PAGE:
Adam Bousdoukos, Moritz Bleibtreu, Birol Ünel, Anna Bederke, Pheline Roggan, Catrin Streibeck
US theatrical: 20 Aug 2010 (Limited release)
The titular Hamburg restaurant in Fatih Akin’s culinary comedy Soul Kitchen looks like a place where you might stop in for a drink if there was nowhere else available. But even when a quick survey of the parking lot and rail-yard surroundings indicates that there absolutely is not, you’d still be loath to order from the menu for fear of catching something. It’s not that the space is particularly grungy. In fact, it’s roomy and spare in a way that manages to be improbably Euro-chic while still low-key. But catch a glimpse of the harried proprietor and chef Zinos Kazantsakis (Adam Bousdoukos, also the co-screenwriter) slinging chips and burgers and schnitzel in the under-supplied, wildly unhygienic backroom, and you might have second thoughts.
It’s in this backroom that the film introduces a hairy underdog story that has buckets of promise. Zinos trudges through his days of serving bottom-end deep-fried fare and beer to his working-class patrons. The job doesn’t exactly inspire him, and to make matters worse, his bright-eyed, upper-class girlfriend, Nadine (Pheline Roggan), is about to decamp for a job in Shanghai. (Her protestations that a Skype account will keep them in touch doesn’t exactly win him over.)
As Bousdoukos performs Zinos’ angst with an inspired blend of moon-eyed sad-sackery and hair-pulling, his problems continue to multiply. Health inspectors come calling and he endures a visit from an old classmate (Wotan Wilke Moehring), now a yuppie real estate developer with all the morals of a piranha. Zinos’ convict brother Illias (the great Moritz Bleibtreu, playing winningly dumb as he did in The Baadar Meinhof Complex and Run Lola Run) arrives as well, announcing that he’s got a work furlough from prison predicted on the idea that he’s going to “work” at Soul Kitchen. This hardly helps Zinos’ mood, since it looks like all Illias is going to do is hang around with his deadbeat buddies and hit on the waitress, Lucia (Anna Bederke). The last straw is a debilitating back injury that sends Zinos to the ministrations of a beautiful physical therapist.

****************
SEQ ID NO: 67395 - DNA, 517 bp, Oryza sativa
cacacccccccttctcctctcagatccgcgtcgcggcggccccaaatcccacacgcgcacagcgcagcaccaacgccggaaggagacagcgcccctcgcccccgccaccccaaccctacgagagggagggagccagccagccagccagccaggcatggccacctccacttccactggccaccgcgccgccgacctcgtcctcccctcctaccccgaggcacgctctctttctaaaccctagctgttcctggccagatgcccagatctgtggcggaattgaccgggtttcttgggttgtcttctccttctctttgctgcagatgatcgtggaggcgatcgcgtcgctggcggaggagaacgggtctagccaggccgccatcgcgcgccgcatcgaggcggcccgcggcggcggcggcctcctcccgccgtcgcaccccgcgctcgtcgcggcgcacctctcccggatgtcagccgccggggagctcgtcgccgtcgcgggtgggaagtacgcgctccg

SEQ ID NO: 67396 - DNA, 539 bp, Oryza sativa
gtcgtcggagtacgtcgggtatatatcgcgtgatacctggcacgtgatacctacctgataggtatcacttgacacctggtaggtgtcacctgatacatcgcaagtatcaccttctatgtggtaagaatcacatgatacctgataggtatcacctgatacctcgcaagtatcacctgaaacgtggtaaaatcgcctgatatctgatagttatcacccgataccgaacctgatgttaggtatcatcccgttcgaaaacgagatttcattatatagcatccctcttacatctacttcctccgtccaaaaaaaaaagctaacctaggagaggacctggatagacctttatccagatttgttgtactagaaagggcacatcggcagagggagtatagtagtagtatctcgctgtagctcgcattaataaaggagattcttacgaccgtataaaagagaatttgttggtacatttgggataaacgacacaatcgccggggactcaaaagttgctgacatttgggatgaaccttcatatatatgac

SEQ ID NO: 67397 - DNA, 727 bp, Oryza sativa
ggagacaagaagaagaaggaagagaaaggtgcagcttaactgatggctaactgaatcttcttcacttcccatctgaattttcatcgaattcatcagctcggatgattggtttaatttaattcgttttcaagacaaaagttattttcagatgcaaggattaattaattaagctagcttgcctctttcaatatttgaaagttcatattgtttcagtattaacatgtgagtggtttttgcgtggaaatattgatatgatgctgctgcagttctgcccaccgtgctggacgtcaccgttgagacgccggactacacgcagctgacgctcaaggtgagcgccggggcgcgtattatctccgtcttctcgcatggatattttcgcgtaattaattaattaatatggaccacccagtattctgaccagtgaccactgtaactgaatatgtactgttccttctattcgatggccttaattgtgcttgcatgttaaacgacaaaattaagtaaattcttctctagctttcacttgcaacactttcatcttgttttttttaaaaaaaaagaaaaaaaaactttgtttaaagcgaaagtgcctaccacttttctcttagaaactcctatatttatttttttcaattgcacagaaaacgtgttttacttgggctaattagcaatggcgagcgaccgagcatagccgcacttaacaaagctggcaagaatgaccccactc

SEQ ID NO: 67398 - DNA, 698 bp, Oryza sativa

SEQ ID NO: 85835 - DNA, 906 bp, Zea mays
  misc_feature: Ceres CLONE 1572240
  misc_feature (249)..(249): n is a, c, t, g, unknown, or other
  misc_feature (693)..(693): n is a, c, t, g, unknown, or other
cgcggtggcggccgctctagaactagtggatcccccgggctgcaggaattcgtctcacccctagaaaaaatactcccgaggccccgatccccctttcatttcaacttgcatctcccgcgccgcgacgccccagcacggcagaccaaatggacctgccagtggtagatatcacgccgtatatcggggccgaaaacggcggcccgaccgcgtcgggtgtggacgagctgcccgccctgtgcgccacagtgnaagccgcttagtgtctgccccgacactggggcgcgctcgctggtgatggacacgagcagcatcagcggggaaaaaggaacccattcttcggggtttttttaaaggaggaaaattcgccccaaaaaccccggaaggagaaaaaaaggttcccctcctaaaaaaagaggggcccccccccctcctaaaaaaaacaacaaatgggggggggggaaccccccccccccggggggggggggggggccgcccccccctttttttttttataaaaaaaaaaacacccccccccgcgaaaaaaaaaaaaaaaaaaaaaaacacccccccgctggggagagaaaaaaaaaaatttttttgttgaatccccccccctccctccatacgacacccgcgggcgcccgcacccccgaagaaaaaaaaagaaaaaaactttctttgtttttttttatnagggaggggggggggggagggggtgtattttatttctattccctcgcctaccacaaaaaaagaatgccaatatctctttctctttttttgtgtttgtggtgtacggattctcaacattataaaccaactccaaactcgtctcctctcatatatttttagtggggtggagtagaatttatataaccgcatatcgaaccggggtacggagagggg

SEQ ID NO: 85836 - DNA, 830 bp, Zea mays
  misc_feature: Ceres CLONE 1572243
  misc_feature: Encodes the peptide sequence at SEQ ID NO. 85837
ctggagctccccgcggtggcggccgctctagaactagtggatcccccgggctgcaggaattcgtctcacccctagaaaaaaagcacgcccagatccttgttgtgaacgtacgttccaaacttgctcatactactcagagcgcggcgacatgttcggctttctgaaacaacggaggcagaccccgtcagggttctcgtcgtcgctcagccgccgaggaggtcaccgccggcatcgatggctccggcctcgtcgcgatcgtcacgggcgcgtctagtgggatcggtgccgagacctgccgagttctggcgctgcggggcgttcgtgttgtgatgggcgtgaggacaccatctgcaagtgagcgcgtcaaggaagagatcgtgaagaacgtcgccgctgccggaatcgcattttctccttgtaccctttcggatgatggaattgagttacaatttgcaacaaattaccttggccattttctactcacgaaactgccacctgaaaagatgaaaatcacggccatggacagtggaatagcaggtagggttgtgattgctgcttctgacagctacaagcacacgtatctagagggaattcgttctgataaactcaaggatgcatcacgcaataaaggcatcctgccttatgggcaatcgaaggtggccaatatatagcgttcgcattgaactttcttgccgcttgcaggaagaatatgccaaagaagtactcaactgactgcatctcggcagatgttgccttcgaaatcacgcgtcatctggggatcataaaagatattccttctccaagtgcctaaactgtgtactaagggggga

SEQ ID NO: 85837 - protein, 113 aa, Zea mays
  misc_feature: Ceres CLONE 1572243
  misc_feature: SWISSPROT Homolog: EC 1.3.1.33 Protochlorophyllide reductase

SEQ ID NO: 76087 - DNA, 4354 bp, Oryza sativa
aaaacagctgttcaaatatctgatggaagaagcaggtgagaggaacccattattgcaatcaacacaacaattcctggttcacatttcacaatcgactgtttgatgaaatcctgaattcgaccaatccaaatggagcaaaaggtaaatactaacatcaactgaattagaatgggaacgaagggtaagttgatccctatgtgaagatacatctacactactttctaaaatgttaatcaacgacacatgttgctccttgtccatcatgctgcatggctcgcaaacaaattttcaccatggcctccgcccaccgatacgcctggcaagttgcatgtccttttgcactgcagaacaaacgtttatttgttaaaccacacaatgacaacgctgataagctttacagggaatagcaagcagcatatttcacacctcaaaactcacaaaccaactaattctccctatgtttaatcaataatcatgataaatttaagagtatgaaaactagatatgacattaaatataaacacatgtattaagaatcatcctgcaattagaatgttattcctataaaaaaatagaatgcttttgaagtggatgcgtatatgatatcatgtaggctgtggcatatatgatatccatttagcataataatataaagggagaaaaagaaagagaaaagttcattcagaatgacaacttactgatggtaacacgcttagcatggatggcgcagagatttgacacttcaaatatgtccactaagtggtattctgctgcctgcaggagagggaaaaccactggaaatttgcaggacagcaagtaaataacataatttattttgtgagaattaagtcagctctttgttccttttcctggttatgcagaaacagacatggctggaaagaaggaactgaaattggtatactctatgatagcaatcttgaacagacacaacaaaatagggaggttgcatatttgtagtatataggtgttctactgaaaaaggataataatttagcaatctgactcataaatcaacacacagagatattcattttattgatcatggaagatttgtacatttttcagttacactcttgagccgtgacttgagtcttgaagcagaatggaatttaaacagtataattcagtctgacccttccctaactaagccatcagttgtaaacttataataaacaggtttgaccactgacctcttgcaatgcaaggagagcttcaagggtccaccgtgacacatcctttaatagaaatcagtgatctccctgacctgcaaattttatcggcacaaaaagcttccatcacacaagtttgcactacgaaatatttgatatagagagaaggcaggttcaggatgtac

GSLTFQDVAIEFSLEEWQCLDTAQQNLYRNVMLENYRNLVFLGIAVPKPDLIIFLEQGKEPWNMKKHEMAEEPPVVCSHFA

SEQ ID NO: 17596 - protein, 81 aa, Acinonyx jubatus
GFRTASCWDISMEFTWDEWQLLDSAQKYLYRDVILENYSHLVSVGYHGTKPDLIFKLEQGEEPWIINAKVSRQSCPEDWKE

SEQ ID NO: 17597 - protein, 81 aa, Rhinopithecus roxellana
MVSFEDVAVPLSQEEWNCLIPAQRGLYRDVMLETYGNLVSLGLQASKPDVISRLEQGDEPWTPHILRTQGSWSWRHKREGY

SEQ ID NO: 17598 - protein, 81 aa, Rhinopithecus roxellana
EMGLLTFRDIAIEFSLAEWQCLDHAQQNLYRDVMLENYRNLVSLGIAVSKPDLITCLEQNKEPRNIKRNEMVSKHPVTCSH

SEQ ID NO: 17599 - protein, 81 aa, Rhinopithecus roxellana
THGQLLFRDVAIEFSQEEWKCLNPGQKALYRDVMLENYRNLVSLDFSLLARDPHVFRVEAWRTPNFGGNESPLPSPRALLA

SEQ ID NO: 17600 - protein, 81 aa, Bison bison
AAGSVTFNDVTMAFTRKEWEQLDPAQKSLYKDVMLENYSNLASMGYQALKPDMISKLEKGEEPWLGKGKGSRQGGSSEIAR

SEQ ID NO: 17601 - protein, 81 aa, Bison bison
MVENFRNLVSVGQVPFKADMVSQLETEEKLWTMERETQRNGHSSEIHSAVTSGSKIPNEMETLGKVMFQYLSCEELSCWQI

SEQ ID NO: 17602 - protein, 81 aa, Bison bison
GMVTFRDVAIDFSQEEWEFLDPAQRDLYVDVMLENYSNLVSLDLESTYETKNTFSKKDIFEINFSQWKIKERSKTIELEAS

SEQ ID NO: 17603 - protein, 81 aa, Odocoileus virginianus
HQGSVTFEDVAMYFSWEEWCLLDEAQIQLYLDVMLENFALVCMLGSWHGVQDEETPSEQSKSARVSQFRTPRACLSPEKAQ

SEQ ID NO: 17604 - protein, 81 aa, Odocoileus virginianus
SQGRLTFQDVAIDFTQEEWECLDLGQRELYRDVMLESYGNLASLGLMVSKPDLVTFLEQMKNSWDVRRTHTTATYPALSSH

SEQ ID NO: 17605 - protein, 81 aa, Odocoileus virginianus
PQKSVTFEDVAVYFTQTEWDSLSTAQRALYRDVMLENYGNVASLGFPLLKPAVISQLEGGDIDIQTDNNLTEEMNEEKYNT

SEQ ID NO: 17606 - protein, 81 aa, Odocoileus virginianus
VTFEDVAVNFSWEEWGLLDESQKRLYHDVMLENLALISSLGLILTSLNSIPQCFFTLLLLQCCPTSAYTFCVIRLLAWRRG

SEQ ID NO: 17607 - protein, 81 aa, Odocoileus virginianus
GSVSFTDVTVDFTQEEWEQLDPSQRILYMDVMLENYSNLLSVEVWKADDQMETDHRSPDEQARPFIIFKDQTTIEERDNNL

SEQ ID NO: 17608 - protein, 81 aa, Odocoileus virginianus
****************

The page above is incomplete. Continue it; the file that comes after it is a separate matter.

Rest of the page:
The story is buoyed by the appearance of Shayn (Birol Ünel), a chef at a gourmet restaurant in town who’s been canned for refusing to heat up a customer’s gazpacho (“Culinary racists!” he bellows). Quick with a knife and an insult, Shayn has no time for fools or unimaginative palates. A few twists of the screenplay deposit him at Soul Kitchen, where he takes Zinos’ humdrum ingredients and, with a few flicks of the blade and an eye for presentation, turns them into fine cuisine. The usual customers depart in droves, but eventually the local hipsters get wind of what’s happening down at Soul Kitchen and it becomes the hottest table in town.
For a brief time when the restaurant is humming along, Soul Kitchen makes perfect sense. Zinos is the sort of well-meaning fool whom it’s impossible not to cheer, and his obliviousness to the signals being tossed his way by the seemingly hard-edged Lucia, an artist in her real life, sets viewers up for a late-blooming but well worth-it romance.
Somewhere in the film’s middle, however, it begins branching out into unrewarding subplots. Akin’s decision to not indulge in the sort of lascivious food ogling expected in a movie about the rejuvenation of a down-at-the-heels restaurant. But the film inexplicably abandons its central theme, that good cuisine is literally food for the soul, and then flounders about, offering multiple underdeveloped storylines and some highly unfunny dives into a particularly German brand of low comedy.
Akin and Bousdoukos deserve credit for not making another self-indulgent yuppie metaphor about high-end dining: Hamburg’s industrial grit is far too apparent here for that. But the final product is undercooked.
We all know how critical it is to keep independent voices alive and strong on the Internet. Please consider a donation to support our work as independent cultural critics and historians. Your donation will help PopMatters stay viable through these changing and challenging times. Thanks everyone.